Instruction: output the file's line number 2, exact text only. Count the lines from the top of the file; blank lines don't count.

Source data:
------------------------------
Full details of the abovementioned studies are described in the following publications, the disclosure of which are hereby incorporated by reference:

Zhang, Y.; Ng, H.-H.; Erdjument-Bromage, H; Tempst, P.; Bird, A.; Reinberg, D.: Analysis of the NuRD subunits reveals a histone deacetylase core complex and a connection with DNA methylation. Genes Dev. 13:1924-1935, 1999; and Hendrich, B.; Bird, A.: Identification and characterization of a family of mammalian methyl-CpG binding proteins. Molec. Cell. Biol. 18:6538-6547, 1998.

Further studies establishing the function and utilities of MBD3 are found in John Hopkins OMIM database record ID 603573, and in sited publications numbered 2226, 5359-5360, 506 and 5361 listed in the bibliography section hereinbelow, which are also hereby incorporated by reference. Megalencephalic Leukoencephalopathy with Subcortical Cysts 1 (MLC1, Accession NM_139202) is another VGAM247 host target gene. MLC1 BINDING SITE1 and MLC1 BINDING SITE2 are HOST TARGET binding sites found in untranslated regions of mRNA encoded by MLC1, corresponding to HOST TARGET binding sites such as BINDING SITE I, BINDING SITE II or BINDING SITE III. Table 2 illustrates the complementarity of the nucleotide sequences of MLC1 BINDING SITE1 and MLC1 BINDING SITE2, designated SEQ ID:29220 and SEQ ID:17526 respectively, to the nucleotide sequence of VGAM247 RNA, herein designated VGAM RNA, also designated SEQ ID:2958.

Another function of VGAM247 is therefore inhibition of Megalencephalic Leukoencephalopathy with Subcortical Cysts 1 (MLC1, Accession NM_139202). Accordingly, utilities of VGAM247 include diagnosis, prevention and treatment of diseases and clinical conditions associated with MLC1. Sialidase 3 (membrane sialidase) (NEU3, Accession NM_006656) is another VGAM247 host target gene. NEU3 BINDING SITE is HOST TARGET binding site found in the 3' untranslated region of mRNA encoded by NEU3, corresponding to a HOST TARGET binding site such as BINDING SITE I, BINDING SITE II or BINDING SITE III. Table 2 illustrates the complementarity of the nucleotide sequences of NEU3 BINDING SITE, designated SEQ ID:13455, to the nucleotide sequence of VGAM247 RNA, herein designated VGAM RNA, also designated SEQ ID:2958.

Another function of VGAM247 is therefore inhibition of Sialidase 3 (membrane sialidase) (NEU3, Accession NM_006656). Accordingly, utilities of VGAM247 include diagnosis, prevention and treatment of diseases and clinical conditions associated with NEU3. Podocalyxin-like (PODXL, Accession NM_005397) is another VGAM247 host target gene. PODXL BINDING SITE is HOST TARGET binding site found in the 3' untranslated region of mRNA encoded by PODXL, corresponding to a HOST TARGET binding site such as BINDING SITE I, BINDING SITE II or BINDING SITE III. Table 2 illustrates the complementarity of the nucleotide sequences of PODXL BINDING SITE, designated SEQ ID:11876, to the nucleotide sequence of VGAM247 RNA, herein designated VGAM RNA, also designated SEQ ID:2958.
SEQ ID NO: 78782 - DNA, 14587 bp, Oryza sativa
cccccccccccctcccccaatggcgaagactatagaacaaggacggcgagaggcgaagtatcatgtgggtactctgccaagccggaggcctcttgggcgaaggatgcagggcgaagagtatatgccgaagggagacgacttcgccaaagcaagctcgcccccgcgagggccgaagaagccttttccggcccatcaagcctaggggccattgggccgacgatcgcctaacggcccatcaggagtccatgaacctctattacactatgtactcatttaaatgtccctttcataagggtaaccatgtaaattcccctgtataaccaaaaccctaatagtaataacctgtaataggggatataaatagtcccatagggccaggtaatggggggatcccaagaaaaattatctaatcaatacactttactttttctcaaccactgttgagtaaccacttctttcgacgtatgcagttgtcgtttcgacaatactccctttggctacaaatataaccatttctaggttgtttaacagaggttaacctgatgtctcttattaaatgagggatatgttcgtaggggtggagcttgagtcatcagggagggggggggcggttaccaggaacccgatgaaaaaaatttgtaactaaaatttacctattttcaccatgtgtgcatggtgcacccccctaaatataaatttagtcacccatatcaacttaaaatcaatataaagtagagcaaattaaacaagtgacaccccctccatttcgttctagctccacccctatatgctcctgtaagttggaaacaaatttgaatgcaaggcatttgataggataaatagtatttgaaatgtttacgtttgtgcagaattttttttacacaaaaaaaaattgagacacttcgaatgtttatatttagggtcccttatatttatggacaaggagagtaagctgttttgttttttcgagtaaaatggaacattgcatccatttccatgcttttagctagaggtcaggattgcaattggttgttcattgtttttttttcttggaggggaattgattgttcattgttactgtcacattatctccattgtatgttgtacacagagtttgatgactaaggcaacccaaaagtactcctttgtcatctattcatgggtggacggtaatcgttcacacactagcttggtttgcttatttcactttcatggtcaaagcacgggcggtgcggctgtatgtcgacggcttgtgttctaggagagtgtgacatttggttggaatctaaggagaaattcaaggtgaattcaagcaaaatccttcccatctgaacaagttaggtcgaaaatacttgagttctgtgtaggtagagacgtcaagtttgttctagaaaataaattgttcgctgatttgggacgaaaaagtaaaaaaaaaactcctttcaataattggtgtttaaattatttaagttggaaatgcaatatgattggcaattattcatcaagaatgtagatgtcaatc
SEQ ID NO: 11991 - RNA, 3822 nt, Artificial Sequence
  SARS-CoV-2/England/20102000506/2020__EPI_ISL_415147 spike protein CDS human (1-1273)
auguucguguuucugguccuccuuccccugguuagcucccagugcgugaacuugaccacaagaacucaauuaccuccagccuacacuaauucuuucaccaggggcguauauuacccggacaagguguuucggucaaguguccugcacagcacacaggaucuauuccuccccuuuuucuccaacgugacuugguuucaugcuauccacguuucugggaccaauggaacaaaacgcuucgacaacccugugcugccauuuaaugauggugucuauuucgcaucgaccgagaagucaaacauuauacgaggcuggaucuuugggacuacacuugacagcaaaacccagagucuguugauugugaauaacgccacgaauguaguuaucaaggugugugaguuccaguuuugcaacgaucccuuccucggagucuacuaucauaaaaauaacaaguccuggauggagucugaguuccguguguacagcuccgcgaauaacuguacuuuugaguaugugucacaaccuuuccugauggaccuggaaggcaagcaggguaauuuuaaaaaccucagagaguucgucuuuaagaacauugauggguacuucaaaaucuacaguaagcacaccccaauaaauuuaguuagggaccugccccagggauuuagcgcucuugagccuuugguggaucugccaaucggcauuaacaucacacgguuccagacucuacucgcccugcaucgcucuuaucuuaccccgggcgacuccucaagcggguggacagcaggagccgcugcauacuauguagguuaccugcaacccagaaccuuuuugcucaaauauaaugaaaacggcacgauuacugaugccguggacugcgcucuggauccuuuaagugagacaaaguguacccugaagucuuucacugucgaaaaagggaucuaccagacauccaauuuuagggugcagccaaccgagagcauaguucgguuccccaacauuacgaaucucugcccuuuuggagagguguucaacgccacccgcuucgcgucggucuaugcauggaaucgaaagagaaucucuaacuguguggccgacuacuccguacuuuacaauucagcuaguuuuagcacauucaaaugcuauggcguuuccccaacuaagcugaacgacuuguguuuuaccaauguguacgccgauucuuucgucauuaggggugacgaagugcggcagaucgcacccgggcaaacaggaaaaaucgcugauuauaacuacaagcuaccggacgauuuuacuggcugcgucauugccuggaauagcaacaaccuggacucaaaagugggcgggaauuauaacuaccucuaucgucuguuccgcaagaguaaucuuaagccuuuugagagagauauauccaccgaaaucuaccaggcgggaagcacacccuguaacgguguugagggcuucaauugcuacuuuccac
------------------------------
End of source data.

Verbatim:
Zhang, Y.; Ng, H.-H.; Erdjument-Bromage, H; Tempst, P.; Bird, A.; Reinberg, D.: Analysis of the NuRD subunits reveals a histone deacetylase core complex and a connection with DNA methylation. Genes Dev. 13:1924-1935, 1999; and Hendrich, B.; Bird, A.: Identification and characterization of a family of mammalian methyl-CpG binding proteins. Molec. Cell. Biol. 18:6538-6547, 1998.